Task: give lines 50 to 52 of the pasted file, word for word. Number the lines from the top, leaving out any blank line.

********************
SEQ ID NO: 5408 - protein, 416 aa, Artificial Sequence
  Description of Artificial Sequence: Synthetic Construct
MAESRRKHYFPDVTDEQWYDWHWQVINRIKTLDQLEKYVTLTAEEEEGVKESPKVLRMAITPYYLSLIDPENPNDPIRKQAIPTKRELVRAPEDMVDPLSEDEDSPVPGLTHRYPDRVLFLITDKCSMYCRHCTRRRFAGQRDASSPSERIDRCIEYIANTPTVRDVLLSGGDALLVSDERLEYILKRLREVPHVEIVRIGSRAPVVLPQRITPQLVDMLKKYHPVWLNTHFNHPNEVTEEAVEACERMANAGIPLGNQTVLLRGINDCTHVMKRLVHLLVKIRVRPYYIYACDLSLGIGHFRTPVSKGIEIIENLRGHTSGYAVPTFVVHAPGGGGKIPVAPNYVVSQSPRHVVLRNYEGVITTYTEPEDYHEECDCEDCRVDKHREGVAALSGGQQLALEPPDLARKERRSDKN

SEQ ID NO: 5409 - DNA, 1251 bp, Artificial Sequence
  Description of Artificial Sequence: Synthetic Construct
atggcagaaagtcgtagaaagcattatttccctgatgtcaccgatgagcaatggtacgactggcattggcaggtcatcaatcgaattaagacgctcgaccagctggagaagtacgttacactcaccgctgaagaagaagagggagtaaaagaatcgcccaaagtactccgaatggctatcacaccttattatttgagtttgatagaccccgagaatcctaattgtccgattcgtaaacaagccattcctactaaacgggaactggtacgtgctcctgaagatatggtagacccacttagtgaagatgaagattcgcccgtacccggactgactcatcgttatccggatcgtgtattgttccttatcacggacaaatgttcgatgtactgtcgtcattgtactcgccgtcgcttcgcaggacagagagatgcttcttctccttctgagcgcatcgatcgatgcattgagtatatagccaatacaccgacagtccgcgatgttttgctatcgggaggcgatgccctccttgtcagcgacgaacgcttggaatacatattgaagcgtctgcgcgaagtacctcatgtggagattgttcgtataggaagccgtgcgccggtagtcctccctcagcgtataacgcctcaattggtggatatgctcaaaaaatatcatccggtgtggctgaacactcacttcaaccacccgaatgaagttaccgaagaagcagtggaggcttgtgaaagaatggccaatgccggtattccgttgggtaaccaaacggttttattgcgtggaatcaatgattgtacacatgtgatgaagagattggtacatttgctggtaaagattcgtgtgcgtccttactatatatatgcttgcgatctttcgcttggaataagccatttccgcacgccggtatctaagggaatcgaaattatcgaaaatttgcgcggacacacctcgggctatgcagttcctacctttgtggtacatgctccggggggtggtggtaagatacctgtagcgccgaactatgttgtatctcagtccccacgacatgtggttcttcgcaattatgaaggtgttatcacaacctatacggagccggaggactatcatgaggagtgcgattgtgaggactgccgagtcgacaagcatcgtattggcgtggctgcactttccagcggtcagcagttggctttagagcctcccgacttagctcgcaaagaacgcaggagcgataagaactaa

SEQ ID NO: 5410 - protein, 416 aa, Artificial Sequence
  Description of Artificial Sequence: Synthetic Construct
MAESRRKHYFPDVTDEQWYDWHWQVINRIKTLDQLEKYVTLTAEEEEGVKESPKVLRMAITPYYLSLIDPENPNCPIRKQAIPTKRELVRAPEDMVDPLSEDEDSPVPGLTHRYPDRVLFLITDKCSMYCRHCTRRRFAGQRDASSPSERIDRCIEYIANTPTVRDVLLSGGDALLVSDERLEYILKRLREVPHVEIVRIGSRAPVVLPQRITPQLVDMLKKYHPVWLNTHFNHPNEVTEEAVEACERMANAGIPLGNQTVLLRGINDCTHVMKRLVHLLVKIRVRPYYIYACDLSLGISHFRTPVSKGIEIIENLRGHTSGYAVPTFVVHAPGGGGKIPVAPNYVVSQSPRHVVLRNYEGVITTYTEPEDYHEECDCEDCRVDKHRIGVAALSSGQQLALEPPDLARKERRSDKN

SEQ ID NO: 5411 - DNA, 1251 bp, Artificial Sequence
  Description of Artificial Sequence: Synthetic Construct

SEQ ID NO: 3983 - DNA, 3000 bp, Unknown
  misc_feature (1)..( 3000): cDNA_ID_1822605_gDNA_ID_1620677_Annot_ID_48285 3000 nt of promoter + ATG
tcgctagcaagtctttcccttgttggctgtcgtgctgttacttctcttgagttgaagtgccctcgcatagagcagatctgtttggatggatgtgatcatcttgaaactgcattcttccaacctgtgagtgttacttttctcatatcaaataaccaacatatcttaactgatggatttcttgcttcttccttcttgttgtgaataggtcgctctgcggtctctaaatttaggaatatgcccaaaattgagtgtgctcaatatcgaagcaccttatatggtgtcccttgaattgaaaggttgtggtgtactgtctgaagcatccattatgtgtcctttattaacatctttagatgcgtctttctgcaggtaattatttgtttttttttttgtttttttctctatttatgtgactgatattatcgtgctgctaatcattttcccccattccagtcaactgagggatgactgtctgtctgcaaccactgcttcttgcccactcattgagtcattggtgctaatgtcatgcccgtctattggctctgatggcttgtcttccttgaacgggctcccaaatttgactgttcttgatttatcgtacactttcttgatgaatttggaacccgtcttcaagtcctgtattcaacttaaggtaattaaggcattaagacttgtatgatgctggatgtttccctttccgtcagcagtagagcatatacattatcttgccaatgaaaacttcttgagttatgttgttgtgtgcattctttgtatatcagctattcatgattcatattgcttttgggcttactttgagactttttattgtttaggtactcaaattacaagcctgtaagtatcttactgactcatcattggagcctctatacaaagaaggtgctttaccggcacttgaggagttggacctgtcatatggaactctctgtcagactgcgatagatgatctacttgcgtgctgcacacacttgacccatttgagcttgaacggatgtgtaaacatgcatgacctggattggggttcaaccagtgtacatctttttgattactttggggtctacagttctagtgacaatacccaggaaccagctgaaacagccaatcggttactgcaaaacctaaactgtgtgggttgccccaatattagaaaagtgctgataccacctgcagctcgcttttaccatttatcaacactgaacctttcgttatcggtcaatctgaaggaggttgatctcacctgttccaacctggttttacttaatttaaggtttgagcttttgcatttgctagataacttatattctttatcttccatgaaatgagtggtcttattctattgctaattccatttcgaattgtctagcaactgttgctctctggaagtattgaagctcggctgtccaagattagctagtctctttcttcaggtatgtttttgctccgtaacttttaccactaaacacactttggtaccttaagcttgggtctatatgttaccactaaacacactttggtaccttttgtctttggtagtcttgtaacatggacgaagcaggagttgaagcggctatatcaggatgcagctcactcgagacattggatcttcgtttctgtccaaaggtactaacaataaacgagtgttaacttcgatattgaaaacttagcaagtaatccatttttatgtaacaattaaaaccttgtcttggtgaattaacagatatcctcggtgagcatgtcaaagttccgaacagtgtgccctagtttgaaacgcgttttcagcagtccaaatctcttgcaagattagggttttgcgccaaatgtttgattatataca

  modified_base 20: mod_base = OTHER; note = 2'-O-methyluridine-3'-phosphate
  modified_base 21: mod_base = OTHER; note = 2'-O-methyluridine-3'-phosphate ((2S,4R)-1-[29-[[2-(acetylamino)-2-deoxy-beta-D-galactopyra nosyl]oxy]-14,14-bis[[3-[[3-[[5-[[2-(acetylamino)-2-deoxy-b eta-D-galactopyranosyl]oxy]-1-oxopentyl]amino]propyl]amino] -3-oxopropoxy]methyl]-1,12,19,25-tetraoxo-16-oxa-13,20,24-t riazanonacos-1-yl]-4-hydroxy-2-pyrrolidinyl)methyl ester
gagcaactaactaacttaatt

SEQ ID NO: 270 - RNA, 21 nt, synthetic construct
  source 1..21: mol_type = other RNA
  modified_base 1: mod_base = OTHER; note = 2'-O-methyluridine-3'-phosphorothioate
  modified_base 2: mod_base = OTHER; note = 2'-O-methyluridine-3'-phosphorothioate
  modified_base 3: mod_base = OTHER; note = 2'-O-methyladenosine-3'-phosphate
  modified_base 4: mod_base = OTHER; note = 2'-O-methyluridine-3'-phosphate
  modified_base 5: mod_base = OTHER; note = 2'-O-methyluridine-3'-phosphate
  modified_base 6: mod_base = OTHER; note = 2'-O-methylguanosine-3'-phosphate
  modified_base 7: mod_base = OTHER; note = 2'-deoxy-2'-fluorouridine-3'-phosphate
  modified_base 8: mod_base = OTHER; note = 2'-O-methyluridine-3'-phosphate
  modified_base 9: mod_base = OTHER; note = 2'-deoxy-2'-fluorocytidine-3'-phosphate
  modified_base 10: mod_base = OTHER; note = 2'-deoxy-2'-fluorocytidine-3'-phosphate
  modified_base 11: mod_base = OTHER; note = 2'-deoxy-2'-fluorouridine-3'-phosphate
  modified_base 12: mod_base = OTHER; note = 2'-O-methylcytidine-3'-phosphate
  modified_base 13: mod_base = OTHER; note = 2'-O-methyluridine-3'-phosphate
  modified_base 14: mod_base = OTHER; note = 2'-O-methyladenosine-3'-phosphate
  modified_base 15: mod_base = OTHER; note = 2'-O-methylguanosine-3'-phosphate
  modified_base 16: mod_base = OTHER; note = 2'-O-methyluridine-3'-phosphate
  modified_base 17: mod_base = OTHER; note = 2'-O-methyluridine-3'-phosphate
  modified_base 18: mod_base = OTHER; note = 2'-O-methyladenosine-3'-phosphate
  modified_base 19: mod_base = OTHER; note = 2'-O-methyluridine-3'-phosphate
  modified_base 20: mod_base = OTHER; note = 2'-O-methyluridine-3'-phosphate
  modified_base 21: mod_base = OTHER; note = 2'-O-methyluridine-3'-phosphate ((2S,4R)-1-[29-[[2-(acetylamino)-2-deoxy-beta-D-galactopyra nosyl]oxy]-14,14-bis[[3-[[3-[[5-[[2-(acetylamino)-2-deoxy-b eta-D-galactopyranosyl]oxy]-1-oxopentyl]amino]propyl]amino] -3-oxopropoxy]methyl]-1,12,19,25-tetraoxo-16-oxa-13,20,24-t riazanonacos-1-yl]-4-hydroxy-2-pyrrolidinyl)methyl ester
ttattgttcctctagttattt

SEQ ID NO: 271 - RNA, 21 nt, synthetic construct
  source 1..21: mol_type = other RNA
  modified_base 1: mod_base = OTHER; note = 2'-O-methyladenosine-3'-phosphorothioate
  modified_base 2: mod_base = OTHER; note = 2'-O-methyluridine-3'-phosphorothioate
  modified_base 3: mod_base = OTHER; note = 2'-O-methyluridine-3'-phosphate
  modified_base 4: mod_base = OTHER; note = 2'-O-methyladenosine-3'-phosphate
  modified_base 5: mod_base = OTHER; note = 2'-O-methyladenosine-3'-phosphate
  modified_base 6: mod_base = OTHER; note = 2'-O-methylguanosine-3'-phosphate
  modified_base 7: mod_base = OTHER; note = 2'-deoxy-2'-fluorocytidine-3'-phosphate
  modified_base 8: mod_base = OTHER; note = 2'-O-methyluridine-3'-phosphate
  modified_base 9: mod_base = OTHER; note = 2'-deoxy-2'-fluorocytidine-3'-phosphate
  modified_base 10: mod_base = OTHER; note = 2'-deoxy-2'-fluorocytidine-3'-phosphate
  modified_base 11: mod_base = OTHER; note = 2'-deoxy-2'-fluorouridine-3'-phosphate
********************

  modified_base 7: mod_base = OTHER; note = 2'-deoxy-2'-fluorocytidine-3'-phosphate
  modified_base 8: mod_base = OTHER; note = 2'-O-methyluridine-3'-phosphate
  modified_base 9: mod_base = OTHER; note = 2'-deoxy-2'-fluorocytidine-3'-phosphate